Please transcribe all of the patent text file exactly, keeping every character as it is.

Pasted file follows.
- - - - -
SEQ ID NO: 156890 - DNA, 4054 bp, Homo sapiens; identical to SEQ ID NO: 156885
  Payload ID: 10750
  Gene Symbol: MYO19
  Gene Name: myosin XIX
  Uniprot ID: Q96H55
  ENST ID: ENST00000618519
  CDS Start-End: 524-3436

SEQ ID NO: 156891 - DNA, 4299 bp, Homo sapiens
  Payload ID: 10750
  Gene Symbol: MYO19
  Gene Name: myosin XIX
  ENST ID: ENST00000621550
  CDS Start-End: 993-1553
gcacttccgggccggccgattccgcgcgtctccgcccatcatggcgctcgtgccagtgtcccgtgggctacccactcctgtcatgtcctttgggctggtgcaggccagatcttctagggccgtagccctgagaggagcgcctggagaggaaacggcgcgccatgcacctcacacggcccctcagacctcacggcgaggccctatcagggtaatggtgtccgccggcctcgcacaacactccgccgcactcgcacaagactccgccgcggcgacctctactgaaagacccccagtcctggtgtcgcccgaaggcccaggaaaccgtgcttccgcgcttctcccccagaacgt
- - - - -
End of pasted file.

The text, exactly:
SEQ ID NO: 156890 - DNA, 4054 bp, Homo sapiens; identical to SEQ ID NO: 156885
  Payload ID: 10750
  Gene Symbol: MYO19
  Gene Name: myosin XIX
  Uniprot ID: Q96H55
  ENST ID: ENST00000618519
  CDS Start-End: 524-3436

SEQ ID NO: 156891 - DNA, 4299 bp, Homo sapiens
  Payload ID: 10750
  Gene Symbol: MYO19
  Gene Name: myosin XIX
  ENST ID: ENST00000621550
  CDS Start-End: 993-1553
gcacttccgggccggccgattccgcgcgtctccgcccatcatggcgctcgtgccagtgtcccgtgggctacccactcctgtcatgtcctttgggctggtgcaggccagatcttctagggccgtagccctgagaggagcgcctggagaggaaacggcgcgccatgcacctcacacggcccctcagacctcacggcgaggccctatcagggtaatggtgtccgccggcctcgcacaacactccgccgcactcgcacaagactccgccgcggcgacctctactgaaagacccccagtcctggtgtcgcccgaaggcccaggaaaccgtgcttccgcgcttctcccccagaacgt